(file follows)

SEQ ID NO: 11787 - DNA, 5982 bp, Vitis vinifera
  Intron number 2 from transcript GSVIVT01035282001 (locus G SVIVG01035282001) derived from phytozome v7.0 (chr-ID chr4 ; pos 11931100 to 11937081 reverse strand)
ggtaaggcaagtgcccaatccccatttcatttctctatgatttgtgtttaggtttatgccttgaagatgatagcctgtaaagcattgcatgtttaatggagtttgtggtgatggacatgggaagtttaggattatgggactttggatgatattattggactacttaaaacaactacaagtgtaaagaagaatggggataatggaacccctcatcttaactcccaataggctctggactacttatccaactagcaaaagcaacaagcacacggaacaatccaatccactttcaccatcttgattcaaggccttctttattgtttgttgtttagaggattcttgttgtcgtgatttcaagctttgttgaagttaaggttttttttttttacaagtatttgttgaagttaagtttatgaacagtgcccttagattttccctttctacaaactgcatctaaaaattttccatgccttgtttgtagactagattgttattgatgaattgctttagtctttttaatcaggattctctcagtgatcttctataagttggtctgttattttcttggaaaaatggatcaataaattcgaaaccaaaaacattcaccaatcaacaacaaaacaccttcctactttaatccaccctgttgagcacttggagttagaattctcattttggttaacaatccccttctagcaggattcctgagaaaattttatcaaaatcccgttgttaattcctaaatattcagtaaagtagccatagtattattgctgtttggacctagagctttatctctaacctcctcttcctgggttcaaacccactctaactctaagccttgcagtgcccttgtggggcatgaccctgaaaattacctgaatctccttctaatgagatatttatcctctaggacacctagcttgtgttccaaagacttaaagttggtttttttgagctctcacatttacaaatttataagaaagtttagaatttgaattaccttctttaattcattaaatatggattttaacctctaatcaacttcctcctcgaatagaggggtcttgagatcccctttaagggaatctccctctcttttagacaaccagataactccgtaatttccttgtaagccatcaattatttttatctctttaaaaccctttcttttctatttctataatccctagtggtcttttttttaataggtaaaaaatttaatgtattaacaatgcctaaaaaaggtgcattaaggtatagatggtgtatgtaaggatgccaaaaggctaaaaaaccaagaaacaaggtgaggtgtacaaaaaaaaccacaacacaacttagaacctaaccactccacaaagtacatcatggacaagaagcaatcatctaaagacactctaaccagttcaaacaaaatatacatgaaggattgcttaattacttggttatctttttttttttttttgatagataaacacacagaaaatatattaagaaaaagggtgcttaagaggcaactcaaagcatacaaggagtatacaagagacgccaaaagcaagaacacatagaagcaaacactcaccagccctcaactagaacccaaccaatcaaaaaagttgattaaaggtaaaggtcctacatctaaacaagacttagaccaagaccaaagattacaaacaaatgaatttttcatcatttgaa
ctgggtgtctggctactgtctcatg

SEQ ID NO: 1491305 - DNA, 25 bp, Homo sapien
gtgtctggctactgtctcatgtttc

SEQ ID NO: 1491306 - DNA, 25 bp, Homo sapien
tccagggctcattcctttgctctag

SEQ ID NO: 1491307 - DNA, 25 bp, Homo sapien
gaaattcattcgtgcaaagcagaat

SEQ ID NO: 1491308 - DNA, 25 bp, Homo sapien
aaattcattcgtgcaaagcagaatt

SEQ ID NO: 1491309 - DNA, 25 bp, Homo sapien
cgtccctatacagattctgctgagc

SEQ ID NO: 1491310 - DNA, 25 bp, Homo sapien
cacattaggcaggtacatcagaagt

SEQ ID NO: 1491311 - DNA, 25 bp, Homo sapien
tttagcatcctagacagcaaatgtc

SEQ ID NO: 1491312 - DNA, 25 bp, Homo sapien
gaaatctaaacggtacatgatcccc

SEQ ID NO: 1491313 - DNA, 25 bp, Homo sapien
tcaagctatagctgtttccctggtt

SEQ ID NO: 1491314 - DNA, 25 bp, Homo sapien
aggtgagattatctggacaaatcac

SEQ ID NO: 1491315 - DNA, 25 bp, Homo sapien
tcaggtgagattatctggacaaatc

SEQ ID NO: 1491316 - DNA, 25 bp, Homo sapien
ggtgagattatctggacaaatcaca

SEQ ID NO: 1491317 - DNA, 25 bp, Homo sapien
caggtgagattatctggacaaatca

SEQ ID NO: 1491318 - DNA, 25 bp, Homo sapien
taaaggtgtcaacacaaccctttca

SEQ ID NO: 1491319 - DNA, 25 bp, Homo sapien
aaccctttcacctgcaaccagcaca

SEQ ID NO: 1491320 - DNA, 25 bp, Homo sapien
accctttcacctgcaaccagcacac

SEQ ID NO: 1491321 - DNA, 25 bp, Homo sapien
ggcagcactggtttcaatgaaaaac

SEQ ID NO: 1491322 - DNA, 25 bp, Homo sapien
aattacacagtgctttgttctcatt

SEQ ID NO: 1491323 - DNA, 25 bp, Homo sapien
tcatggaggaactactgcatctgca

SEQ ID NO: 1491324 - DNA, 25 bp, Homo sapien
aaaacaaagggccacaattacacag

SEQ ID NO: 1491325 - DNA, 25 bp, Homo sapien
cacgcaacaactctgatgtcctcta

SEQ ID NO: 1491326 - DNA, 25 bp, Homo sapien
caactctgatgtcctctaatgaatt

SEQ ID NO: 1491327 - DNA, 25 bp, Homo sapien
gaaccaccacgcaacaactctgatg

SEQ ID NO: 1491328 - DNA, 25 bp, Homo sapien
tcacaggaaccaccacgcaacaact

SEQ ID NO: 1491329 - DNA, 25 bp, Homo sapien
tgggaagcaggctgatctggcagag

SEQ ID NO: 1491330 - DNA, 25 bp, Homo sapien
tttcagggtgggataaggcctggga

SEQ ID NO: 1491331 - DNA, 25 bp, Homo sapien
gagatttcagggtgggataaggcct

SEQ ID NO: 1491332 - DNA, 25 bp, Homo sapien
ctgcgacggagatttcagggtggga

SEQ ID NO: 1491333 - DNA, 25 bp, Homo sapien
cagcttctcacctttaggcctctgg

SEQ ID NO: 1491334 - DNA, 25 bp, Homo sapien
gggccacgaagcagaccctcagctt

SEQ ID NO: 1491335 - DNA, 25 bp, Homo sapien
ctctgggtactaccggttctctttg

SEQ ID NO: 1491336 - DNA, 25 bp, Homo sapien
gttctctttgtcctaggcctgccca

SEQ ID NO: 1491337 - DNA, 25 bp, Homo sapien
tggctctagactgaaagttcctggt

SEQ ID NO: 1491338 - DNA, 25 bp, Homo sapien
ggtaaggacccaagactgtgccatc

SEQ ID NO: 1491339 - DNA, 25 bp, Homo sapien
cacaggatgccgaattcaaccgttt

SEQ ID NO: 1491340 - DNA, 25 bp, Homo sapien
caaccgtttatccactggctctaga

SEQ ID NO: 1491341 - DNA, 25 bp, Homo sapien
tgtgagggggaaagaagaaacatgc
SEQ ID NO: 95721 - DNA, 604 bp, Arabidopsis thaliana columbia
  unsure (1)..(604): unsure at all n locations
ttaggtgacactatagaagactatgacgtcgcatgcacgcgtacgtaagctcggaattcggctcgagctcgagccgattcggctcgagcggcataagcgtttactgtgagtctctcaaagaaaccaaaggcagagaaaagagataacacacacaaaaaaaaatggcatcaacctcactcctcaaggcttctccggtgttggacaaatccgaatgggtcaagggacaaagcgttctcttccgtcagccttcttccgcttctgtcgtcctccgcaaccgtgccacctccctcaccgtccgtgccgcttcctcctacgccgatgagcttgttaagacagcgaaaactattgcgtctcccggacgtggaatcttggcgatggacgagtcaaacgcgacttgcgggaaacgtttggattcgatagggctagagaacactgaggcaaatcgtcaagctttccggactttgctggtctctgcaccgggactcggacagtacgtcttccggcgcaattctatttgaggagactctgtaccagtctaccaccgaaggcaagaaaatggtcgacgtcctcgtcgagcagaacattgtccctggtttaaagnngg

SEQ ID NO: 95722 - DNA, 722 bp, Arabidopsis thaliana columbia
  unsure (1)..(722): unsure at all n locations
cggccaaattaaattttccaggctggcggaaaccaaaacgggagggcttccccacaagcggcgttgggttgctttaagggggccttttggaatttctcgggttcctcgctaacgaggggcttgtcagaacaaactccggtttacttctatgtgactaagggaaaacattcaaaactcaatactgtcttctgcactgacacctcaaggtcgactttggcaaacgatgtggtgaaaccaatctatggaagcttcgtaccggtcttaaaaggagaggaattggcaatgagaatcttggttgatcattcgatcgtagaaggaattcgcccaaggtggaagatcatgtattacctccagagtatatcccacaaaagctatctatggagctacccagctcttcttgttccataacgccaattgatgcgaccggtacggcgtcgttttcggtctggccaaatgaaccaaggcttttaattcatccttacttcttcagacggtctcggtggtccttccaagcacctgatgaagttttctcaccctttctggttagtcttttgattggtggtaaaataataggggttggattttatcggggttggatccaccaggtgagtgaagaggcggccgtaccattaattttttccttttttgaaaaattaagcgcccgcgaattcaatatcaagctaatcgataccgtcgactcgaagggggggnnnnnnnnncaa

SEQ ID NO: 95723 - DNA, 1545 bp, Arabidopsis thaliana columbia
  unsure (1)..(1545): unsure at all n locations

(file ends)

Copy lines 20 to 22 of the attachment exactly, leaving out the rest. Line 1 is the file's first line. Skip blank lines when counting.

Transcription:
gaaatctaaacggtacatgatcccc

SEQ ID NO: 1491313 - DNA, 25 bp, Homo sapien
tcaagctatagctgtttccctggtt